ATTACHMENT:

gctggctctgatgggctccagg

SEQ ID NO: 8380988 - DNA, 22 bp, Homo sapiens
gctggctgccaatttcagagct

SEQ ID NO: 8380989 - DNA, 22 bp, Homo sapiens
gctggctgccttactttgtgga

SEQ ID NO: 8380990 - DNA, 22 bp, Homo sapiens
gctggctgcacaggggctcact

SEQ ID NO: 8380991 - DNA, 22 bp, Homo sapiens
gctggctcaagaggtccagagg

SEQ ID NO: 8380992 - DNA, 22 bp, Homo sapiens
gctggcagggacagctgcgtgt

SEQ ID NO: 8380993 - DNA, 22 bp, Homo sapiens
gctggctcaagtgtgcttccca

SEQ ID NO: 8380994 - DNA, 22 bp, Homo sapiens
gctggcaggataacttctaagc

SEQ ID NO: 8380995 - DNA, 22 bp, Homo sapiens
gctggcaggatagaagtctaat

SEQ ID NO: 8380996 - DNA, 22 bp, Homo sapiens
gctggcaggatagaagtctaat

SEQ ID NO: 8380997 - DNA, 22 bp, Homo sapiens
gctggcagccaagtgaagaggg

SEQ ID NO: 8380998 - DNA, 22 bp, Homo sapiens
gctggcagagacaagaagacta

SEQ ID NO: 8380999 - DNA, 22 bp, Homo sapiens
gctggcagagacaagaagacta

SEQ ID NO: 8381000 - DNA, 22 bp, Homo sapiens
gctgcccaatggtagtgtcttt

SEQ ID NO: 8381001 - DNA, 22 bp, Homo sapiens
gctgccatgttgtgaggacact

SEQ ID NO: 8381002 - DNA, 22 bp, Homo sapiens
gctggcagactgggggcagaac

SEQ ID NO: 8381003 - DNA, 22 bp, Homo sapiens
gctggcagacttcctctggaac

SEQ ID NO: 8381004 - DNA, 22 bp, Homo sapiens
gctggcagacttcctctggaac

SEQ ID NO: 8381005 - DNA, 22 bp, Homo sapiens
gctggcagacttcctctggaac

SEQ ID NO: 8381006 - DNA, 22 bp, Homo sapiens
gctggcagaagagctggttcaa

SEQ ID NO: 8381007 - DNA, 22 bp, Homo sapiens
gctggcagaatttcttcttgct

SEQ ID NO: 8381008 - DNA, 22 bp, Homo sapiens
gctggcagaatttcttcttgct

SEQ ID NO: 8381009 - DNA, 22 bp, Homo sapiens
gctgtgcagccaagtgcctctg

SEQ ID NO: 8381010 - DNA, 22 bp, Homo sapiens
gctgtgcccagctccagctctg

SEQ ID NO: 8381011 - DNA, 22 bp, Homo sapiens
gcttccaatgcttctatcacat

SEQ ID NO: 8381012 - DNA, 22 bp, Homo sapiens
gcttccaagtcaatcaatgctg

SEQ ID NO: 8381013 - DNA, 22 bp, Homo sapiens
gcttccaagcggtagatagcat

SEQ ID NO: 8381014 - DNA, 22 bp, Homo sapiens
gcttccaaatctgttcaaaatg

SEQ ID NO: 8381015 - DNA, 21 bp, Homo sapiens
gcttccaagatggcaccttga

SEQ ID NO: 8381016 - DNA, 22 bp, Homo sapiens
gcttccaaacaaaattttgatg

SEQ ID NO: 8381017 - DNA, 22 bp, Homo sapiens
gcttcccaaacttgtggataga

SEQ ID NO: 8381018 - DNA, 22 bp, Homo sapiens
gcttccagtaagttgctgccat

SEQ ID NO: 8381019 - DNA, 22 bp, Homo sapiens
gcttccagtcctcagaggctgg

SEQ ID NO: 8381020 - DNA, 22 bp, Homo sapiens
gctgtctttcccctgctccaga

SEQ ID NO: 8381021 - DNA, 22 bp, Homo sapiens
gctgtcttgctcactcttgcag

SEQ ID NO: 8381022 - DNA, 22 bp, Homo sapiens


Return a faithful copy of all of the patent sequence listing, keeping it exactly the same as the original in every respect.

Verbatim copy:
gctggctctgatgggctccagg

SEQ ID NO: 8380988 - DNA, 22 bp, Homo sapiens
gctggctgccaatttcagagct

SEQ ID NO: 8380989 - DNA, 22 bp, Homo sapiens
gctggctgccttactttgtgga

SEQ ID NO: 8380990 - DNA, 22 bp, Homo sapiens
gctggctgcacaggggctcact

SEQ ID NO: 8380991 - DNA, 22 bp, Homo sapiens
gctggctcaagaggtccagagg

SEQ ID NO: 8380992 - DNA, 22 bp, Homo sapiens
gctggcagggacagctgcgtgt

SEQ ID NO: 8380993 - DNA, 22 bp, Homo sapiens
gctggctcaagtgtgcttccca

SEQ ID NO: 8380994 - DNA, 22 bp, Homo sapiens
gctggcaggataacttctaagc

SEQ ID NO: 8380995 - DNA, 22 bp, Homo sapiens
gctggcaggatagaagtctaat

SEQ ID NO: 8380996 - DNA, 22 bp, Homo sapiens
gctggcaggatagaagtctaat

SEQ ID NO: 8380997 - DNA, 22 bp, Homo sapiens
gctggcagccaagtgaagaggg

SEQ ID NO: 8380998 - DNA, 22 bp, Homo sapiens
gctggcagagacaagaagacta

SEQ ID NO: 8380999 - DNA, 22 bp, Homo sapiens
gctggcagagacaagaagacta

SEQ ID NO: 8381000 - DNA, 22 bp, Homo sapiens
gctgcccaatggtagtgtcttt

SEQ ID NO: 8381001 - DNA, 22 bp, Homo sapiens
gctgccatgttgtgaggacact

SEQ ID NO: 8381002 - DNA, 22 bp, Homo sapiens
gctggcagactgggggcagaac

SEQ ID NO: 8381003 - DNA, 22 bp, Homo sapiens
gctggcagacttcctctggaac

SEQ ID NO: 8381004 - DNA, 22 bp, Homo sapiens
gctggcagacttcctctggaac

SEQ ID NO: 8381005 - DNA, 22 bp, Homo sapiens
gctggcagacttcctctggaac

SEQ ID NO: 8381006 - DNA, 22 bp, Homo sapiens
gctggcagaagagctggttcaa

SEQ ID NO: 8381007 - DNA, 22 bp, Homo sapiens
gctggcagaatttcttcttgct

SEQ ID NO: 8381008 - DNA, 22 bp, Homo sapiens
gctggcagaatttcttcttgct

SEQ ID NO: 8381009 - DNA, 22 bp, Homo sapiens
gctgtgcagccaagtgcctctg

SEQ ID NO: 8381010 - DNA, 22 bp, Homo sapiens
gctgtgcccagctccagctctg

SEQ ID NO: 8381011 - DNA, 22 bp, Homo sapiens
gcttccaatgcttctatcacat

SEQ ID NO: 8381012 - DNA, 22 bp, Homo sapiens
gcttccaagtcaatcaatgctg

SEQ ID NO: 8381013 - DNA, 22 bp, Homo sapiens
gcttccaagcggtagatagcat

SEQ ID NO: 8381014 - DNA, 22 bp, Homo sapiens
gcttccaaatctgttcaaaatg

SEQ ID NO: 8381015 - DNA, 21 bp, Homo sapiens
gcttccaagatggcaccttga

SEQ ID NO: 8381016 - DNA, 22 bp, Homo sapiens
gcttccaaacaaaattttgatg

SEQ ID NO: 8381017 - DNA, 22 bp, Homo sapiens
gcttcccaaacttgtggataga

SEQ ID NO: 8381018 - DNA, 22 bp, Homo sapiens
gcttccagtaagttgctgccat

SEQ ID NO: 8381019 - DNA, 22 bp, Homo sapiens
gcttccagtcctcagaggctgg

SEQ ID NO: 8381020 - DNA, 22 bp, Homo sapiens
gctgtctttcccctgctccaga

SEQ ID NO: 8381021 - DNA, 22 bp, Homo sapiens
gctgtcttgctcactcttgcag

SEQ ID NO: 8381022 - DNA, 22 bp, Homo sapiens